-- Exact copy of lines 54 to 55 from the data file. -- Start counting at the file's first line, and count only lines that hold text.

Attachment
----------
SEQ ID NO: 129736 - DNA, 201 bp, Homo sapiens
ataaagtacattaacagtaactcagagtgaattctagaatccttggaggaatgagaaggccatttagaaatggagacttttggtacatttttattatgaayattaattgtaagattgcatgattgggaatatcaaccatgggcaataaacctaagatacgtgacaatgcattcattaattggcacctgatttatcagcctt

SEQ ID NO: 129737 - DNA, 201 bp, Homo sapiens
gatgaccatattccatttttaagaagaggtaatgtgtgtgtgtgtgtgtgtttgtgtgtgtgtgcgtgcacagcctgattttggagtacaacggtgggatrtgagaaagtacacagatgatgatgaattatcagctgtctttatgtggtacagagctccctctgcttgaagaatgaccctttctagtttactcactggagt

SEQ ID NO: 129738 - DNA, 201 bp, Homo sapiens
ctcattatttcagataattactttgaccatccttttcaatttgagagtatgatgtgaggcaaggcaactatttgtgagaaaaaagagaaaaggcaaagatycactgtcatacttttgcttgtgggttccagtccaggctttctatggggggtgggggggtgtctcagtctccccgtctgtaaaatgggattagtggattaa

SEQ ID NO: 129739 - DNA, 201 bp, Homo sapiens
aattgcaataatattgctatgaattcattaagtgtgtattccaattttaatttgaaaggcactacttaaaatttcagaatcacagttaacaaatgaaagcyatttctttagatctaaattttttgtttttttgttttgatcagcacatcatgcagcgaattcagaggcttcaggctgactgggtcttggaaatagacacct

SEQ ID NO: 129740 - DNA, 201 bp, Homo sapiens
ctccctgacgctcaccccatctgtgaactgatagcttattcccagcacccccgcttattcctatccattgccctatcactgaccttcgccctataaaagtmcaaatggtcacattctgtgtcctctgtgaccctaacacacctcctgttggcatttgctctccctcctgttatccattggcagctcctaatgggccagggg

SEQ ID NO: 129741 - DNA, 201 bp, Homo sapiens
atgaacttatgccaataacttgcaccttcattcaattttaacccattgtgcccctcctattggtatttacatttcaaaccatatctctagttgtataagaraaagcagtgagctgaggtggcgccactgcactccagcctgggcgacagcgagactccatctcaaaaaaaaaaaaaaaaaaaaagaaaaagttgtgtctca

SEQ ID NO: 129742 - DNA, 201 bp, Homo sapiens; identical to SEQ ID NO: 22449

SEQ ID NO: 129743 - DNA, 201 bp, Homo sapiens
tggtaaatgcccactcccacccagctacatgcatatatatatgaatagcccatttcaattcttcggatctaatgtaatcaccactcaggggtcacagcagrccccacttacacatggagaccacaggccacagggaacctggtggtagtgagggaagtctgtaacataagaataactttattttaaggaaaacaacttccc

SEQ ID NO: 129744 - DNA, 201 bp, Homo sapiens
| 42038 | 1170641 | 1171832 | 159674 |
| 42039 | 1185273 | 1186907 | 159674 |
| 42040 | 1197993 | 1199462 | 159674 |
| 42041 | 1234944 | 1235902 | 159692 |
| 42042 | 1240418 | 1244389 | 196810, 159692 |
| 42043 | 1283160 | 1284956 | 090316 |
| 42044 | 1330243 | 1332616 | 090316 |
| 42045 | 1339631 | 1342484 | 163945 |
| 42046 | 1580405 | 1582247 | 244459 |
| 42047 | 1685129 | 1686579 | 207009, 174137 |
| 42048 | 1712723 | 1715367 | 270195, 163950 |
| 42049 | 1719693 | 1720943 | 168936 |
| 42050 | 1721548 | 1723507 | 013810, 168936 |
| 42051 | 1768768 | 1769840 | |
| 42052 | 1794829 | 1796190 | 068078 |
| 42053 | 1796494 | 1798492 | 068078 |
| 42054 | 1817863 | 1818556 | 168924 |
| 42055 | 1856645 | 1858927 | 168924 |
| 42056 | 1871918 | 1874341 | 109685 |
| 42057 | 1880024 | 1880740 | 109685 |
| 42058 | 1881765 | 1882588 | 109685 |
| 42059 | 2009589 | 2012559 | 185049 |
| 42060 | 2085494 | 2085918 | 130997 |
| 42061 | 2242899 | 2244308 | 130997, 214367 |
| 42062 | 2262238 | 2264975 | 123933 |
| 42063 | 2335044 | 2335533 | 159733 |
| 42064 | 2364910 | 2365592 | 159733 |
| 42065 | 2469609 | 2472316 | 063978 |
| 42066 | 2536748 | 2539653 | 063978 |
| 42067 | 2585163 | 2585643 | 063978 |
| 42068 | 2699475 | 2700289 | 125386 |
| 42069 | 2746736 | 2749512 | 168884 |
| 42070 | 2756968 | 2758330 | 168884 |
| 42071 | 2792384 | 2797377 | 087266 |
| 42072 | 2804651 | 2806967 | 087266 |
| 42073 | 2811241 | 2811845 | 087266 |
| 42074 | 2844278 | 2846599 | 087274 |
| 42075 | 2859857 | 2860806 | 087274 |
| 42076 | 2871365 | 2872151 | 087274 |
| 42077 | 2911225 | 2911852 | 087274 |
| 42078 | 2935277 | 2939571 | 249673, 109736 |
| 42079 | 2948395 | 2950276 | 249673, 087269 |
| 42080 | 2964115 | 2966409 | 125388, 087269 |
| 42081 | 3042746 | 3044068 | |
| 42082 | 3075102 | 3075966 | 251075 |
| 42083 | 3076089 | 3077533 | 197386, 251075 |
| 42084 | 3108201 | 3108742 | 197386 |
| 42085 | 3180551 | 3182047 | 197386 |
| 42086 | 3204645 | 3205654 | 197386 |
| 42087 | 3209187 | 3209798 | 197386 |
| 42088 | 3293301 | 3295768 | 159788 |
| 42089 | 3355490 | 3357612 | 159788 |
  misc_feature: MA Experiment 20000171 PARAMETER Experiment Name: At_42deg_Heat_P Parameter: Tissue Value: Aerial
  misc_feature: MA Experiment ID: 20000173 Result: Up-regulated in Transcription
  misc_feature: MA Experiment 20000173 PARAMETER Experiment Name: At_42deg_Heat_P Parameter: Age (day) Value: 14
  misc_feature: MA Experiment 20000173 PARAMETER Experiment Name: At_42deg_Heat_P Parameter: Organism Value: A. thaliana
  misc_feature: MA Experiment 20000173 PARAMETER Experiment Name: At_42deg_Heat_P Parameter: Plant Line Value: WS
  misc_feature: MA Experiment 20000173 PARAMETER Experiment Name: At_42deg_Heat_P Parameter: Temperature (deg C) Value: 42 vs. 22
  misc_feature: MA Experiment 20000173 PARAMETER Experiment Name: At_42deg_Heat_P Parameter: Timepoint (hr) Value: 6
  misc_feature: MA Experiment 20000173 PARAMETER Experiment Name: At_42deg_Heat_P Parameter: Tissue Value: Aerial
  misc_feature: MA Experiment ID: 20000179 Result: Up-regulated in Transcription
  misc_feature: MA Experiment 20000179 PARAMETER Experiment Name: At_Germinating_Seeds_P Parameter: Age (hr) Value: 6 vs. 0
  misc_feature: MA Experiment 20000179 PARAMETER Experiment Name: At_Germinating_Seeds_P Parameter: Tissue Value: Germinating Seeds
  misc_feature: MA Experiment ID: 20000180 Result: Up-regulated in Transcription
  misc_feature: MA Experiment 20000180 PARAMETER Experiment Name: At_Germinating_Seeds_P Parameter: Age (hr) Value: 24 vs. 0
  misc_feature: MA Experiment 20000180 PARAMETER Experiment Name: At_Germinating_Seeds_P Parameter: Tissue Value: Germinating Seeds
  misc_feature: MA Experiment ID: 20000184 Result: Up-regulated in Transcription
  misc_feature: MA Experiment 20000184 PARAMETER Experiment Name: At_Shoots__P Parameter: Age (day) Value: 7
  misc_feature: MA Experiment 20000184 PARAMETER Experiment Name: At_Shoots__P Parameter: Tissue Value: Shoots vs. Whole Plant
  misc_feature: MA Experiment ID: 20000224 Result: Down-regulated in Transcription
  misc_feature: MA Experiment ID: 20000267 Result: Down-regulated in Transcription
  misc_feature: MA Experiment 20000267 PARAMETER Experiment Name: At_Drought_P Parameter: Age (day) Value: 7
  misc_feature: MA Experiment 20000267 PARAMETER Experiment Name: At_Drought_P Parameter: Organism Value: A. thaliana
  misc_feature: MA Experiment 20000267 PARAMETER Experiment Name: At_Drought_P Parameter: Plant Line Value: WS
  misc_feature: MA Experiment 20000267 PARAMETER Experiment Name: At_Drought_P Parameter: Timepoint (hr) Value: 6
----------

| 42075 | 2859857 | 2860806 | 087274 |
| 42076 | 2871365 | 2872151 | 087274 |